It’s Healthy Skin Month!

 
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SunscreenWhat you know about your skin?

Your skin protects you from the rest of the world — by size, it’s actually your largest organ.

Your skin performs a number of vital functions. To start, it holds in body fluids, which prevents dehydration. It also blocks a large number of harmful microbes, keeping them out of your body. In addition, your skin is full of nerves that help you sense the world around you.

According to the National Institute of Arthritis and Musculoskeletal and Skin Diseases (NIAMSD), “Since your skin plays such an important role in protecting your body, you should keep it as healthy as you can. This will help you keep from getting sick or having damage to your bones, muscles, and internal organs.”

So, how can you keep your skin healthy?

Start by cleaning it regularly. Washing your skin is especially important for good health. As a bonus, keeping the skin of your hands clean will help stop the spread of germs. As you clean your skin, use warm water rather than hot water. This will help you avoid burns, and it keeps your skin moisturized as well. Moisturizing your skin will also boost its health — use a gentle moisturizer that softens your skin without irritating it. Drinking enough water will help you keep your skin hydrated too.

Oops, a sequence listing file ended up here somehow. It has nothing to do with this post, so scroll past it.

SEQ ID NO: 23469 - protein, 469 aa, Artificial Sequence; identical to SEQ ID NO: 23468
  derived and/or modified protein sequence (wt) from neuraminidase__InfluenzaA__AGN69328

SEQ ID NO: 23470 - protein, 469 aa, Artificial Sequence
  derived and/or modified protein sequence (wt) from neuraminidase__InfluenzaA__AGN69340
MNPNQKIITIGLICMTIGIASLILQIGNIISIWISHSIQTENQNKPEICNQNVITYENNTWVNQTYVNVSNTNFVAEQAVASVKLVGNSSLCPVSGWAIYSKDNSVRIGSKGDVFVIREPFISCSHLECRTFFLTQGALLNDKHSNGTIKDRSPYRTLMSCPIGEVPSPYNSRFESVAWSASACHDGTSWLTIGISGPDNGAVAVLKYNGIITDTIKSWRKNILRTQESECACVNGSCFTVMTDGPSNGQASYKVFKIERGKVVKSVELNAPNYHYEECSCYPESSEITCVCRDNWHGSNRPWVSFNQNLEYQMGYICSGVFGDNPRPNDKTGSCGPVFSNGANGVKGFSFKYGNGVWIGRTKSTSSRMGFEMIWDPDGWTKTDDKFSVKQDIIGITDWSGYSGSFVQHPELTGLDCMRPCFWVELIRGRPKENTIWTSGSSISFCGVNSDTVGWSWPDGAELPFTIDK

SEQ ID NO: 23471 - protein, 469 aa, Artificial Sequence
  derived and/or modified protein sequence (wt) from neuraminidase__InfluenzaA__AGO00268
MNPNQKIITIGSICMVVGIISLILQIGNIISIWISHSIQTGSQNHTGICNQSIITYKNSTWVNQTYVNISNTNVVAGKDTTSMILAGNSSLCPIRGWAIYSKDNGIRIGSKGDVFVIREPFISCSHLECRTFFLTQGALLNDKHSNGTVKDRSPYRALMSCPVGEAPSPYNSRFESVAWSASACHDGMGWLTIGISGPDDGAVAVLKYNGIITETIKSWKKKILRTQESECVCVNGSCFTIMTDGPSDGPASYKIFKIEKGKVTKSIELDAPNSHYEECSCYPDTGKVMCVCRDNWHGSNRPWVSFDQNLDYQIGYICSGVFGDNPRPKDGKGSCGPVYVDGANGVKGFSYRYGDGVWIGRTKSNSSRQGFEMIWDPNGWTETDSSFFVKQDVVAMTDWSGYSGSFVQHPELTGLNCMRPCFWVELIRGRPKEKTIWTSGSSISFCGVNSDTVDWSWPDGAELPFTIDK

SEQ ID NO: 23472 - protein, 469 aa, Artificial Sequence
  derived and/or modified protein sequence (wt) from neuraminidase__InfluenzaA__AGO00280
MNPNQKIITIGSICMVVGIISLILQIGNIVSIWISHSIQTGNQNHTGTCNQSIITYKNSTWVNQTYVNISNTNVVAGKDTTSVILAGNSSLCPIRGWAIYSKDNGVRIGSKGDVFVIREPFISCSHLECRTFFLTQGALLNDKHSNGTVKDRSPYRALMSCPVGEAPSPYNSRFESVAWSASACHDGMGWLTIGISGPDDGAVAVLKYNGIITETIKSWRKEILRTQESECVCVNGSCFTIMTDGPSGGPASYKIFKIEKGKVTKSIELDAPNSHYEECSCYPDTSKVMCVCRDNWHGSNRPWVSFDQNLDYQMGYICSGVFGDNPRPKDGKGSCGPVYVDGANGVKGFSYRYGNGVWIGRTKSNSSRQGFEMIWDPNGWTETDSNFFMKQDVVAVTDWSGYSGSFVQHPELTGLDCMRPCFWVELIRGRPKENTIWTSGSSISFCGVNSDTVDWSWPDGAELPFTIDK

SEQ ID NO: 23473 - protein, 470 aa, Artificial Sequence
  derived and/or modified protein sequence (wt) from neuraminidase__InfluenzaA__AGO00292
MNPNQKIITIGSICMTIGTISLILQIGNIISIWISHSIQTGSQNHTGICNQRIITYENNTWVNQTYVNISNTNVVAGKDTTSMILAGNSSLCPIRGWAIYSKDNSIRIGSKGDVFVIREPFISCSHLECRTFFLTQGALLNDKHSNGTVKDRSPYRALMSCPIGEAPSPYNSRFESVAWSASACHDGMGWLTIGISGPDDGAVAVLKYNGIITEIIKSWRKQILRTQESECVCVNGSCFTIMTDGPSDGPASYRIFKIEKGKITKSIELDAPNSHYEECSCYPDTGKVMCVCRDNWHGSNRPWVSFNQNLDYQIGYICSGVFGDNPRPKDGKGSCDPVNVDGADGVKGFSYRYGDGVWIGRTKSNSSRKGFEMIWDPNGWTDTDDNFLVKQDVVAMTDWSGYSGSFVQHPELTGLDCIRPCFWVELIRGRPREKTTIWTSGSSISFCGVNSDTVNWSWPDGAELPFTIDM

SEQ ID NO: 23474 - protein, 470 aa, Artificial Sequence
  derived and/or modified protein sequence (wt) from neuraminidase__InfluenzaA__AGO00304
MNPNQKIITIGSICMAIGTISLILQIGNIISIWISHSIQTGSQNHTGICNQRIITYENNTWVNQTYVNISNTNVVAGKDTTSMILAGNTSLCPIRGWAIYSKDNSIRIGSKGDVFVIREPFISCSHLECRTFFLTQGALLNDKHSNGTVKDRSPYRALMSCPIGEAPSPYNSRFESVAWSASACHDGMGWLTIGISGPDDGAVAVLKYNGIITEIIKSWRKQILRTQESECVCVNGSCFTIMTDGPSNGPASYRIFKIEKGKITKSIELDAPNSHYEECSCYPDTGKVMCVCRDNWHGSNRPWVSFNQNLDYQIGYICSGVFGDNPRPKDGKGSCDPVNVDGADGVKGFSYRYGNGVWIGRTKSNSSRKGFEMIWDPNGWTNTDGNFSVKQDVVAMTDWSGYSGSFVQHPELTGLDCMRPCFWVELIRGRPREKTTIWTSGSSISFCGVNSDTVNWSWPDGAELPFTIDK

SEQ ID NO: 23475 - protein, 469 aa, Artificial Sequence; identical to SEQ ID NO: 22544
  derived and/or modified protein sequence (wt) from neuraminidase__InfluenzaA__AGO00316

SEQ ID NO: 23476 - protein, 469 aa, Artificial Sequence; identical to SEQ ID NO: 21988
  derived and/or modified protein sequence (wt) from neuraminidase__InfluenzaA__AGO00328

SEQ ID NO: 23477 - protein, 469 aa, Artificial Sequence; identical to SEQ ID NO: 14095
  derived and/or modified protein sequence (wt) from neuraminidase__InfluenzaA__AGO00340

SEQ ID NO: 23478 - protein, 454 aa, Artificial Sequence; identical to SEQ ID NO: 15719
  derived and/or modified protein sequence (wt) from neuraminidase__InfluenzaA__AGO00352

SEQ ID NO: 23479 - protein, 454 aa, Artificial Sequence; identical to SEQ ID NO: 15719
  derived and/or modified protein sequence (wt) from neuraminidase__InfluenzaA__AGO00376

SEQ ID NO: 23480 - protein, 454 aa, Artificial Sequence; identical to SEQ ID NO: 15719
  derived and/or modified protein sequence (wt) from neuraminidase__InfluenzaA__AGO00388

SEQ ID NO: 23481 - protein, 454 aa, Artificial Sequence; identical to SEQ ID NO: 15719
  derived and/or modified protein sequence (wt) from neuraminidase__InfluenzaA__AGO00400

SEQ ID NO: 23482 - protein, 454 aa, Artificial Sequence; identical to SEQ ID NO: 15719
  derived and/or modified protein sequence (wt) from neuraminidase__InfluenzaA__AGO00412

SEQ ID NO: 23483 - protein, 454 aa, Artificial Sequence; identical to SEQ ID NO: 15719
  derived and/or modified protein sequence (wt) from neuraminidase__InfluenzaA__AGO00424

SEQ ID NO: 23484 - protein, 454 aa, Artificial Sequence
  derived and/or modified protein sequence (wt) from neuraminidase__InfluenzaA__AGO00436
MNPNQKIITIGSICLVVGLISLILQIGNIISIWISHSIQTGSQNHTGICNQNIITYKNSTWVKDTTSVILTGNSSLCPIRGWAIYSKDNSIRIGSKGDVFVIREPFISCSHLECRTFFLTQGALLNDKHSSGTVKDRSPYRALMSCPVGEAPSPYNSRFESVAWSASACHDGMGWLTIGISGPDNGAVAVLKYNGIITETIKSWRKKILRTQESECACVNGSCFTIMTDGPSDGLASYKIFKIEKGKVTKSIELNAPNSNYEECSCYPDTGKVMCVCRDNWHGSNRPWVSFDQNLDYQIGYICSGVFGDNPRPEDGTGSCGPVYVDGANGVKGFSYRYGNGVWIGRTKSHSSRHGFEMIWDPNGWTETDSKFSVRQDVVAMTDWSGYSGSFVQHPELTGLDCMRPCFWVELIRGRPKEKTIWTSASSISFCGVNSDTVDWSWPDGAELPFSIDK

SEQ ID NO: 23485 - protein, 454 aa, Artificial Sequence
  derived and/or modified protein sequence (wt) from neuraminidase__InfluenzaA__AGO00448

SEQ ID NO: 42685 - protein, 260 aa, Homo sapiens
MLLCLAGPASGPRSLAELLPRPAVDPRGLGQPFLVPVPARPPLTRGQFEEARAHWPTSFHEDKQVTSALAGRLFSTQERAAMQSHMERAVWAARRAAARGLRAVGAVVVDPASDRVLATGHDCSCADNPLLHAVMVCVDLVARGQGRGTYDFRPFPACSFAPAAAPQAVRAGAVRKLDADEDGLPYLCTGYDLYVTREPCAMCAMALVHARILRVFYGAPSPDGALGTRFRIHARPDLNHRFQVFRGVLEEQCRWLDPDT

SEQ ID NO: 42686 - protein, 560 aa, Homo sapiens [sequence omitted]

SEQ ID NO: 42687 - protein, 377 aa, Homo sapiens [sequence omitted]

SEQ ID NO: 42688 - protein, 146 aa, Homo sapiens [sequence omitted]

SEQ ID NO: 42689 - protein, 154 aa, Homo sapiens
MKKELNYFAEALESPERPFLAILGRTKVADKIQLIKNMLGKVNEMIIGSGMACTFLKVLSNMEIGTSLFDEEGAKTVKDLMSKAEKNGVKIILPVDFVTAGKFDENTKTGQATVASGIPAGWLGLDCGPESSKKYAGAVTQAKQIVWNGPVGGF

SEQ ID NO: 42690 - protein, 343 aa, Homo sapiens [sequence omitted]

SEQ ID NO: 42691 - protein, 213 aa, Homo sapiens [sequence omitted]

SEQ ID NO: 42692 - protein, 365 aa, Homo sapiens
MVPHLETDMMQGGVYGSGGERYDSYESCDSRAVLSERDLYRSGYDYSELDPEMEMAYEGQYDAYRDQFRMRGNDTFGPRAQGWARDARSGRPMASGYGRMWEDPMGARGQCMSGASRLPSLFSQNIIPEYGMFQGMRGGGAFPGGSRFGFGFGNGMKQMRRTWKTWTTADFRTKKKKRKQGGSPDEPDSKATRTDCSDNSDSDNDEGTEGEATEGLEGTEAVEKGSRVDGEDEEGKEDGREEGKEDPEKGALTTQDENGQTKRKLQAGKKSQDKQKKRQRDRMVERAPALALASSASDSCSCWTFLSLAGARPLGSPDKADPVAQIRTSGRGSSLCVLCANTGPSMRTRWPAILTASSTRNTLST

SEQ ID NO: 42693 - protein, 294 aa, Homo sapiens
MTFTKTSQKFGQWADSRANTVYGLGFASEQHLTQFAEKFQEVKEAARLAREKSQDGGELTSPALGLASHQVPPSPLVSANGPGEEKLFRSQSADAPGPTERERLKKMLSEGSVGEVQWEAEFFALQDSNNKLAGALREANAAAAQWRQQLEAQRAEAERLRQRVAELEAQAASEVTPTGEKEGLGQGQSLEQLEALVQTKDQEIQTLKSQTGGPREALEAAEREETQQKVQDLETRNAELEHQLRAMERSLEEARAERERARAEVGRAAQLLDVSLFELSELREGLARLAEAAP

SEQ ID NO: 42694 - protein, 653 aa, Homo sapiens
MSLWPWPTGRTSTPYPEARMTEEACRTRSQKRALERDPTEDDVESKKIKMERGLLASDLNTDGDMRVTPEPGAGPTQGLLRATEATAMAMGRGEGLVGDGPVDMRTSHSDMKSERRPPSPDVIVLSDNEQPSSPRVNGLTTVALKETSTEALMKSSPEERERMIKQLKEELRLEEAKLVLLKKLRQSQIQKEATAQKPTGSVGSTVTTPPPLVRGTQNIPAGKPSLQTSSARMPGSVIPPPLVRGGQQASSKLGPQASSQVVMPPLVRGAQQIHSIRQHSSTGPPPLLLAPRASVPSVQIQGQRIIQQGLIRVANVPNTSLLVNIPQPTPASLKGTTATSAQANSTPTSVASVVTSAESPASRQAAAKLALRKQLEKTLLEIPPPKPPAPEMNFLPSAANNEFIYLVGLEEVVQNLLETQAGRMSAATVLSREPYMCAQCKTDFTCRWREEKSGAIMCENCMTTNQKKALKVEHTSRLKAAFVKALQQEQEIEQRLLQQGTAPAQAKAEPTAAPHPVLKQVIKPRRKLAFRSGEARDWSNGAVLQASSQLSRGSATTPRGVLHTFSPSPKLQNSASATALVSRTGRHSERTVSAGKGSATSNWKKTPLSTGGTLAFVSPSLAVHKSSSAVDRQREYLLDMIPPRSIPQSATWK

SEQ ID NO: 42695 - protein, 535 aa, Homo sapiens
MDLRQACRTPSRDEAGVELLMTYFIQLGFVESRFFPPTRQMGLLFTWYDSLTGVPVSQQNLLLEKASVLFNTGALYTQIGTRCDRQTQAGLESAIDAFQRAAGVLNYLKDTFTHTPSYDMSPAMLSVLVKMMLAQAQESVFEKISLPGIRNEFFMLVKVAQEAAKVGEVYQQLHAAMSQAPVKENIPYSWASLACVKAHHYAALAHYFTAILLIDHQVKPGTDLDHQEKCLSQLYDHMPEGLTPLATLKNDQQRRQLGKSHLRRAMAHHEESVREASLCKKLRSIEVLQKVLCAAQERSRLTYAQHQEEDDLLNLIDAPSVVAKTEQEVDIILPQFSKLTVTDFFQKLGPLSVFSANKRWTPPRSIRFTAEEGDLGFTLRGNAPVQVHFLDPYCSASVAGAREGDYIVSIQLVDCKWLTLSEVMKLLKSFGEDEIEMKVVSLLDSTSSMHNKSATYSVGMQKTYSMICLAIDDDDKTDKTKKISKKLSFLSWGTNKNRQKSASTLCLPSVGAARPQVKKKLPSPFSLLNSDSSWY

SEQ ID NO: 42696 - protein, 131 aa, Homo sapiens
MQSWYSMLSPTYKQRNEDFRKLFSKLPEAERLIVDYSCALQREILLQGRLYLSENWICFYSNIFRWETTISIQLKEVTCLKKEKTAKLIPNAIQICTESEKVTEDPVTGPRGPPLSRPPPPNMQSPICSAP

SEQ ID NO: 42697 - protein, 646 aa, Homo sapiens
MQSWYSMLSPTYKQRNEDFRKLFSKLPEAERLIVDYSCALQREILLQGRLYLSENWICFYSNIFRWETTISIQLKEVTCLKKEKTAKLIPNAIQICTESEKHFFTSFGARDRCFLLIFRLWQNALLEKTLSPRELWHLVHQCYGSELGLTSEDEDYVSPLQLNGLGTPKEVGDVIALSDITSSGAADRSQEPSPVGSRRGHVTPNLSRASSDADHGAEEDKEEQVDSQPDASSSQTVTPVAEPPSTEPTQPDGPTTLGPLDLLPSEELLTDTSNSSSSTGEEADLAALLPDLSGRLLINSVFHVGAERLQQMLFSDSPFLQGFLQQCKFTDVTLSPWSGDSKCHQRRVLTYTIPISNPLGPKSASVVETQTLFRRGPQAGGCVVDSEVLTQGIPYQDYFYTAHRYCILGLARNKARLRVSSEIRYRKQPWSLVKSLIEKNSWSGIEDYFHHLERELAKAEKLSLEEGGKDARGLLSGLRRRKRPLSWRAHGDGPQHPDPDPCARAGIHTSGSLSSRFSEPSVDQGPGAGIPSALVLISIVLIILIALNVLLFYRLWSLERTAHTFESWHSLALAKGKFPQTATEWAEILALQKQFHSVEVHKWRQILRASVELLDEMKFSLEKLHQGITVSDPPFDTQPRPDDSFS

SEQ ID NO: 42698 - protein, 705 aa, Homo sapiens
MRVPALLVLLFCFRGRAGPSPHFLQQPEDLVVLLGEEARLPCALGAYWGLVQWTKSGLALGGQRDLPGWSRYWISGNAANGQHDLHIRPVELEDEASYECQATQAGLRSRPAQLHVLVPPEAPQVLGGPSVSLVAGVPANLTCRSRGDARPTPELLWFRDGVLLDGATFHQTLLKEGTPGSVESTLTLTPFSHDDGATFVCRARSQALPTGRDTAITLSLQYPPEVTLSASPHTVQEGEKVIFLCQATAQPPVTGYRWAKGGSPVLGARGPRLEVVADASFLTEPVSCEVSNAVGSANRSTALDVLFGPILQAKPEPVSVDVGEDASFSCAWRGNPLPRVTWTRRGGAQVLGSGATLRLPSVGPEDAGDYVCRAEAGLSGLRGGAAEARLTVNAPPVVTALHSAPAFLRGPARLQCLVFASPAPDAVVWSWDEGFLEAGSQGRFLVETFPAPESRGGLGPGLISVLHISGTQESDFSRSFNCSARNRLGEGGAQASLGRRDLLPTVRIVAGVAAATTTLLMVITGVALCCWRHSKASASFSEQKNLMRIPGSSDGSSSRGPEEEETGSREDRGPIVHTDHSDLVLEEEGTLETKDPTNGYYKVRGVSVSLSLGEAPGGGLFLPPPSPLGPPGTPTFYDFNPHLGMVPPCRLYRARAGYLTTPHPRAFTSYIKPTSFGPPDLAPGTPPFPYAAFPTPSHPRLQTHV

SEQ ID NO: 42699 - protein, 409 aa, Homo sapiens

You can also keep your skin healthy by wearing sunscreen. You see, some sun exposure is good for your skin. It prompts your body to make vitamin D, which is a nutrient of concern in the American diet (most people don’t get enough of it). However, too much sun can damage your skin, increasing your risk of cancer and reducing your body’s ability to fight off infections. To avoid this, follow the NIAMSD’s advice and “Whenever you’re outside, use a sunscreen with a sun protection factor (SPF) of 30 or 45.”

Tanning beds are not viable alternatives to sun exposure. In a tanning bed, you still get too much UV exposure and you raise your risk of skin cancer to boot. Skip the tanning bed — your skin will thank you.

A final way to keep your skin healthy is to get active! Physical activity increases blood flow to the surface of your skin, helps your body distribute oxygen and nutrients, and (if you break a sweat) flushes your skin of impurities. Be sure to drink enough water after you exercise and reapply sunscreen if you sweat a lot and are exercising outside.

By Judy Doherty, PC II

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